Langar, Tajikistan: Wakhan Valley

Trip Start Jul 28, 2013
Trip End Feb 06, 2014

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Flag of Tajikistan  , Osh Province,
Saturday, November 9, 2013

After an hour or so at the Afghan market we headed back across the bridge, collected our passports and returned to the car. We had planned to stay in Ishkashim that night but as it had only just turned 1200 we decided to merge two days into one and continue on.

Ergash drove us up to Yamchum Fort (built in 12th century) and further along to the Bibi Fatima hot springs. If we thought the views couldn't get better we were mistaken. We bailed on the hot springs as they were undercover not a la naturale and men and women had to bath separately in order to go a la naturale. Instead we got out at the fort and went for a wander. WOW! I know I've said it a million times before but my goodness the views were incredible. With the fort basically in the middle of the Wakhan Valley you could see for miles in either direction. Ignoring the wind and the cold we stood transfixed by the panorama, by far the best we've seen of the whole trip. Even more so than our previous favourite, Norway.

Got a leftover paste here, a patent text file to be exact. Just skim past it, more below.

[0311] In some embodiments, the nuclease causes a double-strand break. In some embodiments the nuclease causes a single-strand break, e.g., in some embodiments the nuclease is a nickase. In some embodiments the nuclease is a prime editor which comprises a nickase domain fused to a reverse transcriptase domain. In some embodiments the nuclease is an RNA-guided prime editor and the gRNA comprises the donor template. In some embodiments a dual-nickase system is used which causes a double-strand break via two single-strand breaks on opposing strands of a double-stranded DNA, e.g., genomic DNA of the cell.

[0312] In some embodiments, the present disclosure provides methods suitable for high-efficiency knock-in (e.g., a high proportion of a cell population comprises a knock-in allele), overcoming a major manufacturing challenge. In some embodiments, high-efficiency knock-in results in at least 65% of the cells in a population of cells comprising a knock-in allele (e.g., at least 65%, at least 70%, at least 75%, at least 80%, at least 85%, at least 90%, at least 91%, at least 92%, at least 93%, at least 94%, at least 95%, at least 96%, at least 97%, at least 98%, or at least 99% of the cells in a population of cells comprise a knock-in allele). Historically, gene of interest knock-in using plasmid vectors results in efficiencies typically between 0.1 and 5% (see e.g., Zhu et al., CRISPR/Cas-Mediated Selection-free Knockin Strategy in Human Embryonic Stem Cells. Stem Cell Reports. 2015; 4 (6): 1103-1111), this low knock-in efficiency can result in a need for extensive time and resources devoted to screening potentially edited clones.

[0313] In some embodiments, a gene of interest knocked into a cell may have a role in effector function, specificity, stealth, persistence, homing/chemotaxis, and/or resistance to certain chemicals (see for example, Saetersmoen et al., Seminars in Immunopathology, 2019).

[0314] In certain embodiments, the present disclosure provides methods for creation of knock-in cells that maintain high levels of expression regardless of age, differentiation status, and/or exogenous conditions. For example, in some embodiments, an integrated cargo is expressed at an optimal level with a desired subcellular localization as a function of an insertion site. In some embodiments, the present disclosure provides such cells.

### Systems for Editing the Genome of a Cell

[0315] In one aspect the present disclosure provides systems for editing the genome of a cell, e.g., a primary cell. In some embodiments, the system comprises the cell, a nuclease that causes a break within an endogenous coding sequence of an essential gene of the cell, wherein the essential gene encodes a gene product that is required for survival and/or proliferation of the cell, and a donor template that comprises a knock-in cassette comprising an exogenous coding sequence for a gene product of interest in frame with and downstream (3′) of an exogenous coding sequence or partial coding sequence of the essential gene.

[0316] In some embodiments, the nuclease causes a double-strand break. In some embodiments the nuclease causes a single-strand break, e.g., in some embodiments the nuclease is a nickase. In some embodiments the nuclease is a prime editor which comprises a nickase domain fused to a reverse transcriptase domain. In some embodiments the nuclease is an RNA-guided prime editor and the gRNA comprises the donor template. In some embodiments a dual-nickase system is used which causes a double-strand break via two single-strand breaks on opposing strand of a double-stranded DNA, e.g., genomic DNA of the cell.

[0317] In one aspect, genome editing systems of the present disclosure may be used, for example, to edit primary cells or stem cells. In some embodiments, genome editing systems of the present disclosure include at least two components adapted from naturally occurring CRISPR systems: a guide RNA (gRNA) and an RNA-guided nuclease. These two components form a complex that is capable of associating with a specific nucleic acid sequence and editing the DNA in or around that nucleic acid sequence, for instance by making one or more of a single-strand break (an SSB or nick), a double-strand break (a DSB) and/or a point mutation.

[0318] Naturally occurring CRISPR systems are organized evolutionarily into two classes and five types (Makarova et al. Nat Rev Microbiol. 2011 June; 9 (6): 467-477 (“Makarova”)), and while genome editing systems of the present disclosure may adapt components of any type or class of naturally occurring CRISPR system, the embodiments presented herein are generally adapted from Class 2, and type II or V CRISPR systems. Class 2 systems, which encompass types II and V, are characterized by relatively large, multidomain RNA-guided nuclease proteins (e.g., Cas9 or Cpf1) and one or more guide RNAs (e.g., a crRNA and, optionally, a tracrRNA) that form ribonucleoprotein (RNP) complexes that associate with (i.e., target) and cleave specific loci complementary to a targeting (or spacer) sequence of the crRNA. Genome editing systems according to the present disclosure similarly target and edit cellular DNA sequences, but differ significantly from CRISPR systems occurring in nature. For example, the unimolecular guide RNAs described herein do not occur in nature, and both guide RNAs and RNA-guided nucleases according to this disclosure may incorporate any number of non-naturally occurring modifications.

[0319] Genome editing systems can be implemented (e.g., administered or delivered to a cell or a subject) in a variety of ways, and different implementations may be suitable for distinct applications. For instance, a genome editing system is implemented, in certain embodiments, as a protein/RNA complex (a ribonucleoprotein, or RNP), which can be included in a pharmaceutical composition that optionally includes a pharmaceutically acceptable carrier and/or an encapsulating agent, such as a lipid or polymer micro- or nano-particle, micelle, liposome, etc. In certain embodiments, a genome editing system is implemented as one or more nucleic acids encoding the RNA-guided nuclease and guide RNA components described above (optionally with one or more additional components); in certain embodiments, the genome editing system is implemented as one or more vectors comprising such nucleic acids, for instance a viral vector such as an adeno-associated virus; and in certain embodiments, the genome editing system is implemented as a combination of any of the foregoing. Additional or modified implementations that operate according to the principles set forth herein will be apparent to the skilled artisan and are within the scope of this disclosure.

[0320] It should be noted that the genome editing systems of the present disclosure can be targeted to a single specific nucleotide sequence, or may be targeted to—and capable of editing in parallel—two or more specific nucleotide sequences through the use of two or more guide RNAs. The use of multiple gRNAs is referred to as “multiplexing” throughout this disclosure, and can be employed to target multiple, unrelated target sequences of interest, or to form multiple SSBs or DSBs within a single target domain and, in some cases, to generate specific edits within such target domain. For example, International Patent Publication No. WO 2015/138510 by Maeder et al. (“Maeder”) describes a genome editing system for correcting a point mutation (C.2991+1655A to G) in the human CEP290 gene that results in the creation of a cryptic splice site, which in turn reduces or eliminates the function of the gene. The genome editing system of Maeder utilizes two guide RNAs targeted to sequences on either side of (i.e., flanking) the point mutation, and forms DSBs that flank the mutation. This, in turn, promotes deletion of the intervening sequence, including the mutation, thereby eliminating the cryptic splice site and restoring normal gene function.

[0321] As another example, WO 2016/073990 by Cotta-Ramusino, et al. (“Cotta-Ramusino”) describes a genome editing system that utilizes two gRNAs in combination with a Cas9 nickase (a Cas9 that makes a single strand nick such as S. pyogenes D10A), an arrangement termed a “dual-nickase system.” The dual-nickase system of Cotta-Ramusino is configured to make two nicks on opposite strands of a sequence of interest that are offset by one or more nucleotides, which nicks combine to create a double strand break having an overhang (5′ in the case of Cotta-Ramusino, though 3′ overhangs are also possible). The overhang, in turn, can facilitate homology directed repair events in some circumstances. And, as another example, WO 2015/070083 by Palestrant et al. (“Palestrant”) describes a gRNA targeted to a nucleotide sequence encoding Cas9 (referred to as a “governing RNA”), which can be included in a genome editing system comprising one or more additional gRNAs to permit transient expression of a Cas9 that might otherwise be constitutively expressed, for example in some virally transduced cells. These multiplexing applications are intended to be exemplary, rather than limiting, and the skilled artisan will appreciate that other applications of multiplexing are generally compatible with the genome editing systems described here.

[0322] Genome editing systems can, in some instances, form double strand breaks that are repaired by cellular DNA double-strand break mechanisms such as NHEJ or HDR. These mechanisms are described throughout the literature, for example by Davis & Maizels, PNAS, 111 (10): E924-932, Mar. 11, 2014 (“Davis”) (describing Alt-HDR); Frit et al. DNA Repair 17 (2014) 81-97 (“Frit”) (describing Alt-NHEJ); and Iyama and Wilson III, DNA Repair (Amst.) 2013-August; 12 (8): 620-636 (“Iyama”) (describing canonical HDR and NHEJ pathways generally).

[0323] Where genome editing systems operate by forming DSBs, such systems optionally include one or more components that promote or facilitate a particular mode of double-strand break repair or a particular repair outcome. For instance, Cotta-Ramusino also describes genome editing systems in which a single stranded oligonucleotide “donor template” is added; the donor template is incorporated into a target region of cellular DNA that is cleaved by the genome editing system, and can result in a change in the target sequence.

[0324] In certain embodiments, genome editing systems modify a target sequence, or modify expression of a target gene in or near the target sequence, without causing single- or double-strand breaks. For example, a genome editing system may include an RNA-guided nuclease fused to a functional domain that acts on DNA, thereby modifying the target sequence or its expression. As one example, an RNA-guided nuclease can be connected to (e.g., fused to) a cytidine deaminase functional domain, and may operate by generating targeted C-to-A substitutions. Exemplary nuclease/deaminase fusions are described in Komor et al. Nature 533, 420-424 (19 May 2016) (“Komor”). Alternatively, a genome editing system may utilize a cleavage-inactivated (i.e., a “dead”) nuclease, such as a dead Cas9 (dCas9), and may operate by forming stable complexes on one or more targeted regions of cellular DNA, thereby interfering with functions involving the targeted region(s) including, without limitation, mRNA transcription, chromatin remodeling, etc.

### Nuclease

Windswept and breathless we returned to the car and made way to Langar. A small village near to where the Wakhan and Pamir rivers meet to form the Pyanj River. The Wakhan continues through Afghanistan and the Wakhan Corridor whilst the Pamir takes over as the border between Tajikistan and Afghanistan. Horse treks and hiking through the Wakhan Corridor are meant to be incredible so that is now firmly on our list of future travel destinations.

The homestay in Langar was FREEZING. Catching the last of the rays we went for a walk to try and find the river but aborted mission for fear of being attacked by rabid dogs. Returning to the homestay feeling cold, miserable, bunged up and with no possibility of a hot shower, Sam covered me in two sleeping bags, three blankets and a beanie in and effort to try and get me warm. There was a small heater in the corner of the room which failed terribly at its job to heat.

The UN people we had met earlier in the day arrived just before 6pm so we all sat down and had dinner together. They lived in Dushanbe but worked in Afghanistan helping the police with check point and border patrol infrastructure. The group was made up of an Englishman, Japanese guy, Tajik lady and a number of local men. Vodka was cracked open after dinner so for purely medicinal purposes I indulged in a shot before crawling into bed.

Distance travelled (Khorog - Langar): 250km

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